For the Love of Photo Gear
Things would really take off for me if I just had a little more gear.
Ever thought this? I have. I love gear. It's like when I was a kid and I had a paper route that paid about $130/month. My brother and I would collect our riches and go to the mall to exchange it for valuable things. One of these times, I wanted to buy Dragon Warrior III. Let's be honest though. That was one of the best games ever made. I asked my dad if I could buy it. He said, "If you think that's the right thing to do, then okay." So I immediately went in and spent $60 on that game, which I played several times through.
Gear is like when you later go with your big brother to the other game store and spend the rest of your money on Magic Cards. Because you'd really be going places if you just had a couple of the rare cards you're missing. And you could sell the other rares back to the store to get more money to buy more card packs with.
It's like when you're a teenager and you have your first car, which is a piece of junk worth $3,000, and then you spend all of the wages from your summer job, which are more than $3000, putting in a stereo system and a loud exhaust system and a cold air intake on the car. Awesome.
I used to play table tennis competitively (you can call it ping pong. I'm not a snob), and I had some really nice gear. I had two paddles, each of which cost me about $130. I had them custom made with agressive rubbers (yes, they're called rubbers), and with custom wood that had some good spring at the cost of some control. The rubbers were nice and tacky which made it possible for me to achieve the spin I wanted. It was the perfect fit for my playing style. I would go to ping pong clubs several times a week to practice and try to reach new levels of skill. There were always these certain types of guys there (I'm not sexist. There were literally no women there) who would come up to me to talk gear before we started playing. They wanted to know what wood and what rubbers I had, and where I got them, and then would eagerly show me their paddle and tell me about what brand it was and what year it came out, etc. I just wanted to play ping pong.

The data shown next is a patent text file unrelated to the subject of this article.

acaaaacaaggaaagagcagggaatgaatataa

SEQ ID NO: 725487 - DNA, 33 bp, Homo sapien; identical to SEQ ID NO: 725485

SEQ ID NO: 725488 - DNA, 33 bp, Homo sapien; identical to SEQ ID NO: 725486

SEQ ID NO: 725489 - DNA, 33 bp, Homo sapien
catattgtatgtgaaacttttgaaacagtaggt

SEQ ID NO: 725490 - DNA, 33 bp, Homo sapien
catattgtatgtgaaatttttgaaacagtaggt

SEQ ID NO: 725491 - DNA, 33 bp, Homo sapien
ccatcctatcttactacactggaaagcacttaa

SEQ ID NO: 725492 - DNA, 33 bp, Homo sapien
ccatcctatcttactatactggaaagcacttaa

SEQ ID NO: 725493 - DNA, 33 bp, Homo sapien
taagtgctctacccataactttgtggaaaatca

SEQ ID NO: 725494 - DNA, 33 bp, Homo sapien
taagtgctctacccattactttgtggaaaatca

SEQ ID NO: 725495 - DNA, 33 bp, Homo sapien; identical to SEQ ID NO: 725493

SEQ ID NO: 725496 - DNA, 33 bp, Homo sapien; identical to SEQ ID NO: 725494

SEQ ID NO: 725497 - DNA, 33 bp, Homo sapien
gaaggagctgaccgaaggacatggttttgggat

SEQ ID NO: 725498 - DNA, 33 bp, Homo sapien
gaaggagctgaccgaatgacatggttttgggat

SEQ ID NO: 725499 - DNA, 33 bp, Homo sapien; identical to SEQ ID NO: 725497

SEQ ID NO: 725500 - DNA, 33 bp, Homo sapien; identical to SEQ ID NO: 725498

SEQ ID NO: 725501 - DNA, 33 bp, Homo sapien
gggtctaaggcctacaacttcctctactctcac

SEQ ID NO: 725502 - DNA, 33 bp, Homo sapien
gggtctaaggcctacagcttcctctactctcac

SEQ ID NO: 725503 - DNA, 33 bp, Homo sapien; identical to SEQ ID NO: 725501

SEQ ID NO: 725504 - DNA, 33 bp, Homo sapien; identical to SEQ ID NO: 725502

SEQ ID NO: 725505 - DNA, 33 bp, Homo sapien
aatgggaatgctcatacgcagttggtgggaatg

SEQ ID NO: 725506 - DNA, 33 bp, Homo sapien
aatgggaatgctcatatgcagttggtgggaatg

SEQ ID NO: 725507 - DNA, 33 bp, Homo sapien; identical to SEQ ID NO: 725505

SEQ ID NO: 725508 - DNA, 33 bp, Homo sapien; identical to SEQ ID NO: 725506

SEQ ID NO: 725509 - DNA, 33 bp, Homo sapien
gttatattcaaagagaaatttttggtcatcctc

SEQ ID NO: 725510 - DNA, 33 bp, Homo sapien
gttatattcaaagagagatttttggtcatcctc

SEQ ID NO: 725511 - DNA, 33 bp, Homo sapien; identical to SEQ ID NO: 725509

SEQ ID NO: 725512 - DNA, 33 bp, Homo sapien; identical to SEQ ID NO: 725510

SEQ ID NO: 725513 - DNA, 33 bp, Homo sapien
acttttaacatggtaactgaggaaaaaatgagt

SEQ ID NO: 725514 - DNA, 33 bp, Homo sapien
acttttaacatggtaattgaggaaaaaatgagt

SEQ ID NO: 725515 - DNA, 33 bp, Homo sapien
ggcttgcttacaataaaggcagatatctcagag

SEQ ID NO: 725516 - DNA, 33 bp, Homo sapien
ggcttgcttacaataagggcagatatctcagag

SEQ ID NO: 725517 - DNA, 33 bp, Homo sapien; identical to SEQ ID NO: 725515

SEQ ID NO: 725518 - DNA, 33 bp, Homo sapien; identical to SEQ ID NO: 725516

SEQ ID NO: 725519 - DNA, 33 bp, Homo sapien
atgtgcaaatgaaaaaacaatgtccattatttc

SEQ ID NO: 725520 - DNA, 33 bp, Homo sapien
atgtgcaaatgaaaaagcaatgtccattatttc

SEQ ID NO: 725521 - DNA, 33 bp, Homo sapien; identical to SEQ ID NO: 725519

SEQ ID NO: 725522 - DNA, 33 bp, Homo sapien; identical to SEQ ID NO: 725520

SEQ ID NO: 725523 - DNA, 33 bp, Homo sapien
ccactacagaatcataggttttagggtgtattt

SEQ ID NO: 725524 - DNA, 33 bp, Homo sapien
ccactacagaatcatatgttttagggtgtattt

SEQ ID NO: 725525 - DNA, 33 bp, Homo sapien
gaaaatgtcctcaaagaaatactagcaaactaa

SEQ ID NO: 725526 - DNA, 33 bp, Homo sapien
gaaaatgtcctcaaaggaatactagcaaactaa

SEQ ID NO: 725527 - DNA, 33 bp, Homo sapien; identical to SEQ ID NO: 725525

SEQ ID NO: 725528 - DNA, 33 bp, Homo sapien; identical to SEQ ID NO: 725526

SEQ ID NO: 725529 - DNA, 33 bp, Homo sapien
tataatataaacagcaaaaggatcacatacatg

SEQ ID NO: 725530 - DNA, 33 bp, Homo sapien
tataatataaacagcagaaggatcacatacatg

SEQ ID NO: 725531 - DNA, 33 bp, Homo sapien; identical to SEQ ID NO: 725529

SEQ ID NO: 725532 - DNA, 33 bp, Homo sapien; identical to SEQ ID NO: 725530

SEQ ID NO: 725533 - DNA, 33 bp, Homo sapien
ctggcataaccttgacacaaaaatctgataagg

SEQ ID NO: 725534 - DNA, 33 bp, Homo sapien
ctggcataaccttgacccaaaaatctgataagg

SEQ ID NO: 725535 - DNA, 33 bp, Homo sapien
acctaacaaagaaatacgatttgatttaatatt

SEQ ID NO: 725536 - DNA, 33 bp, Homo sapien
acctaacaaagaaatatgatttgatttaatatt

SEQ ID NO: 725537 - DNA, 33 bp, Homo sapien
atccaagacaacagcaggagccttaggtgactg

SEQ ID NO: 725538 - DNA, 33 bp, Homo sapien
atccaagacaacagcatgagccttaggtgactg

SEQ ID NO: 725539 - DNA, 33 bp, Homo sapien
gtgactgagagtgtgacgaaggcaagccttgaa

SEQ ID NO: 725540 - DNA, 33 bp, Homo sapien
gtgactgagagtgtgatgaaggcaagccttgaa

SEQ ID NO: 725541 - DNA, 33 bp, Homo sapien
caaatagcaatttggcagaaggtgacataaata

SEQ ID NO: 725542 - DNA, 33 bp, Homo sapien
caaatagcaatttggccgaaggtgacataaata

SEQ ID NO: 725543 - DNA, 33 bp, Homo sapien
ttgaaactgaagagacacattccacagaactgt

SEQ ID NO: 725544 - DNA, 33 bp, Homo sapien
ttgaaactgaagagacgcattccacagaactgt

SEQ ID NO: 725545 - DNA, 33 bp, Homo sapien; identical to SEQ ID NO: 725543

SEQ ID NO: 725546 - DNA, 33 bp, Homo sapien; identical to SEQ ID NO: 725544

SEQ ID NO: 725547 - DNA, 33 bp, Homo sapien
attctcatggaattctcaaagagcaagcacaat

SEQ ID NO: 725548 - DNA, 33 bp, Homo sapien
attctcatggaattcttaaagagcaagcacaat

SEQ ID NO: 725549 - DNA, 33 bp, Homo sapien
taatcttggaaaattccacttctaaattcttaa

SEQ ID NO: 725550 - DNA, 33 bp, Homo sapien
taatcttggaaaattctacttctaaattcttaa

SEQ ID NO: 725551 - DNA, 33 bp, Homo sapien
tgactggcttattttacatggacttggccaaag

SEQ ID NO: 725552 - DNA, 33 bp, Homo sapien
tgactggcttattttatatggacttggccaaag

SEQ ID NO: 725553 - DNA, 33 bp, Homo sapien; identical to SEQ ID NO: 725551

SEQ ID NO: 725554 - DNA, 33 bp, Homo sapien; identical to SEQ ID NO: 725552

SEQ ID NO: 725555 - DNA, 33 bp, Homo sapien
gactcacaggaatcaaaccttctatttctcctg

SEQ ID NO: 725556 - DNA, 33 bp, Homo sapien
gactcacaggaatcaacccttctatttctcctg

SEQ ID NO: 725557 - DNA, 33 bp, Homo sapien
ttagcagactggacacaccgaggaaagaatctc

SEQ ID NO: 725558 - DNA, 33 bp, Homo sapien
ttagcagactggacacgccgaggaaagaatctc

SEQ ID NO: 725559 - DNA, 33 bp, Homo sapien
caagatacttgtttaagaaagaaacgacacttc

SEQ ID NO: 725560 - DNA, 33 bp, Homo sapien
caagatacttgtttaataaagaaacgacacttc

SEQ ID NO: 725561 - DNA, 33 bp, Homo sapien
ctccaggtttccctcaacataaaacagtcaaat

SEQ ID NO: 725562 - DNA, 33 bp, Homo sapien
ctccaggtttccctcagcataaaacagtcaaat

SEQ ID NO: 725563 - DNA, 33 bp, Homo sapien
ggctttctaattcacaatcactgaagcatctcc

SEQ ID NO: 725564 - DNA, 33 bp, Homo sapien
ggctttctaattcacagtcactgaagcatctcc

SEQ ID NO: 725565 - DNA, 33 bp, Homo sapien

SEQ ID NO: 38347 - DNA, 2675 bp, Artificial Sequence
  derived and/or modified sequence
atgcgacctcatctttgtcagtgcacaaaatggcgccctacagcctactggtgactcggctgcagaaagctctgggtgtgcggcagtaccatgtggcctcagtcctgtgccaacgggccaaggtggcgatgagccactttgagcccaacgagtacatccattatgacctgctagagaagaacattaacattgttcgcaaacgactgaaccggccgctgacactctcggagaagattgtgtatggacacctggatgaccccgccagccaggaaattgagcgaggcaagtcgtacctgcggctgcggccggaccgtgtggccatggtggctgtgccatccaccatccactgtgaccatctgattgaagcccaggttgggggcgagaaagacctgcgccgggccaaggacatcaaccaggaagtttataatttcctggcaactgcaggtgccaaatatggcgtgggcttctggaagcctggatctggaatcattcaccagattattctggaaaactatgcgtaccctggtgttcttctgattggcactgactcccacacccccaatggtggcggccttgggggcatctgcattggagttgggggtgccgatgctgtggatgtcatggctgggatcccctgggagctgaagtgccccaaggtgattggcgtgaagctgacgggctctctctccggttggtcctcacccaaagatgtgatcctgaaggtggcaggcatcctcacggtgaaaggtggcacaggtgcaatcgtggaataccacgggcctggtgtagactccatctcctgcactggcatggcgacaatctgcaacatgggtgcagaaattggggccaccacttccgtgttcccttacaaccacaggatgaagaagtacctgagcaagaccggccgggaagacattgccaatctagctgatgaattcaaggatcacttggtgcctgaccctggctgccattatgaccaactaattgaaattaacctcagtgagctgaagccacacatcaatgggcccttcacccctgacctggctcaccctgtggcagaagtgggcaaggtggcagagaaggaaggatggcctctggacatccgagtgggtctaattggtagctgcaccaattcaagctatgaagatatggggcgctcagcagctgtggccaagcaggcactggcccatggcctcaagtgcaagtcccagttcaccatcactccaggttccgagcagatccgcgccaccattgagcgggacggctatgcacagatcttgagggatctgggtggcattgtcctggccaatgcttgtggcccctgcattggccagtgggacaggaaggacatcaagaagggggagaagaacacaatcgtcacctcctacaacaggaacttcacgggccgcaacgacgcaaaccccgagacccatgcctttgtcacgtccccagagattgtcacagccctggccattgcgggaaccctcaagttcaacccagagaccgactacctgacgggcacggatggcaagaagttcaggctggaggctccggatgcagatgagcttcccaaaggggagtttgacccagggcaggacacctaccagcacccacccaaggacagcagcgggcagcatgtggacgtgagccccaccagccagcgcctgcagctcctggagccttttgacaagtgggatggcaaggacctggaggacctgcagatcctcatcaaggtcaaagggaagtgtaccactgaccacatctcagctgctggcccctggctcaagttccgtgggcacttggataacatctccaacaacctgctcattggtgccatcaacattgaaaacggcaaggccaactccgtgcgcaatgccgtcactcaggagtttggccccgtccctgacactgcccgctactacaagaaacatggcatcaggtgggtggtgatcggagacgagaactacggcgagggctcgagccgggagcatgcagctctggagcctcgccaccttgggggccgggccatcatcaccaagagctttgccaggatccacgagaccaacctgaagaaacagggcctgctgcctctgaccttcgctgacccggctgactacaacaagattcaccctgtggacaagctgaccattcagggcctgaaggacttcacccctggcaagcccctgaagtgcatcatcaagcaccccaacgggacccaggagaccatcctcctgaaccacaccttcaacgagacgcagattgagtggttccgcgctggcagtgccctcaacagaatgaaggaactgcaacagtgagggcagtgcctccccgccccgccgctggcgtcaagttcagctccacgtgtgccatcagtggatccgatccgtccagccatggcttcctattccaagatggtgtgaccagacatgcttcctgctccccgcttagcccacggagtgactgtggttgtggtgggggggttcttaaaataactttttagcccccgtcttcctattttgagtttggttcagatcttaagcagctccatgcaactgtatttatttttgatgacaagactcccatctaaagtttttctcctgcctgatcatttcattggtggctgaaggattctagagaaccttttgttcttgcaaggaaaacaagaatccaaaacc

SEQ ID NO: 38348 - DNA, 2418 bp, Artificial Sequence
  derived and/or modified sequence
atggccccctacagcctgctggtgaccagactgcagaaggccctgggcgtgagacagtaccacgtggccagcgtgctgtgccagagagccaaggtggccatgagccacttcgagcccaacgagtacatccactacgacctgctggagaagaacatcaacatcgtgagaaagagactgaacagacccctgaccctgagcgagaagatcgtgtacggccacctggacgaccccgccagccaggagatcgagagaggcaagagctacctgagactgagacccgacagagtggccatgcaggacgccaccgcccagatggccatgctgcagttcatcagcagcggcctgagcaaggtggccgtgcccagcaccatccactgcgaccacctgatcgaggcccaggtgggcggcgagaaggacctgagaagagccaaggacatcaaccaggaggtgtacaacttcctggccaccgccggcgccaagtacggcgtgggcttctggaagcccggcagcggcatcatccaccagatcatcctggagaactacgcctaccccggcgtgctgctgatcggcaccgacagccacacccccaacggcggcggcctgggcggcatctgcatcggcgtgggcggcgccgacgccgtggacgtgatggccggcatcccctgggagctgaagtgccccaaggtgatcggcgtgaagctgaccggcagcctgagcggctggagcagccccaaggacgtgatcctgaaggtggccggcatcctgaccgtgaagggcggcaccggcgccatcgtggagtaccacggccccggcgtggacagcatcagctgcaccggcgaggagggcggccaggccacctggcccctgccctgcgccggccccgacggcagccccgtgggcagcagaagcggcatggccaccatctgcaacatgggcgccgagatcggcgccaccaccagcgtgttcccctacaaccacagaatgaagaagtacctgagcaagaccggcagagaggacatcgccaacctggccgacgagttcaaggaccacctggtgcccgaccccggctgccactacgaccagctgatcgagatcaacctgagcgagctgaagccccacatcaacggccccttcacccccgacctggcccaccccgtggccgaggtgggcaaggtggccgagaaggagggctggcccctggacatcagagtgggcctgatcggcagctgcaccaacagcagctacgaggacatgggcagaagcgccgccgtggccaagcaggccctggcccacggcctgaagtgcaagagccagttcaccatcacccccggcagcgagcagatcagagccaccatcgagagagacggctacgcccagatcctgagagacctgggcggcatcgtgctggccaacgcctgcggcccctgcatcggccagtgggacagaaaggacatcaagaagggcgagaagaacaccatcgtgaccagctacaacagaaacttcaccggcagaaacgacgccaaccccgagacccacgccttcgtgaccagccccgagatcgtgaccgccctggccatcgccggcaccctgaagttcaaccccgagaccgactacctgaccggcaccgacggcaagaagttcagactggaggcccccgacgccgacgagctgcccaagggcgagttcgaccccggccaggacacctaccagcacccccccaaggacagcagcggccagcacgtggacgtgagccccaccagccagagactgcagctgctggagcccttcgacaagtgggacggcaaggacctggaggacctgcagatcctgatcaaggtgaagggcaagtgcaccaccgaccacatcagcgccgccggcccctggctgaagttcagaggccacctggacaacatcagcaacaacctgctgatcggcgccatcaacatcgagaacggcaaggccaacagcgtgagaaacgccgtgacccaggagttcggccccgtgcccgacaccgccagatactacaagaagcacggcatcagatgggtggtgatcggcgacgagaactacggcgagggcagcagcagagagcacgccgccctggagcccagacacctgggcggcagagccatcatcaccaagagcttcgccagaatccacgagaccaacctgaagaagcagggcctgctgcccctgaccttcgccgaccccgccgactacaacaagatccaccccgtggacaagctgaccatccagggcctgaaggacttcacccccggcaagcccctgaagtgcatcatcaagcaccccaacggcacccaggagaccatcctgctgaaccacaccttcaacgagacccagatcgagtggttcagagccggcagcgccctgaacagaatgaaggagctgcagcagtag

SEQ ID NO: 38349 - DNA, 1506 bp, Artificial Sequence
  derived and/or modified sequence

I've noticed the same pattern among photographers. There are some photographers who take pictures, and then there is a horde of others who use cameras, but mostly just are connoisseurs of camera gear. They must just do photo shoots so they can try out their gear. Because every time I've been to a group photography event, or brought a camera to class back in college, I would suddenly be surrounded by gear collectors asking what I shoot with and all I would hear about was what new cameras are coming out and what they shoot with and all of this. They were almost always disappointed when I told them what I shoot with. But I wasn't embarrassed.
This is a shot I did back in college on a Canon t3i. A tiny, prosumer, crop-sensor camera really intended for video. In fact, that camera was made shortly after DSLR video was a thing. This shot was printed in Popular Photography.
These days I have access to great gear. I can get a 5DIII whenever I need one. But do I own nice gear? Still a t3i. The same one. I had a Red Scarlet Dragon. That's really nice gear. Sold it. Hopefully, if you're a gearhead, this will drive you crazy. "How can you not want really nice gear?!" Well I do. Like I said, I love gear. If I won a 5DIII in a contest, I'd certainly enjoy that. A 5D is way better than the t3i. When I shoot with the t3i, I feel like I can hardly see what I'm doing through the eyehole.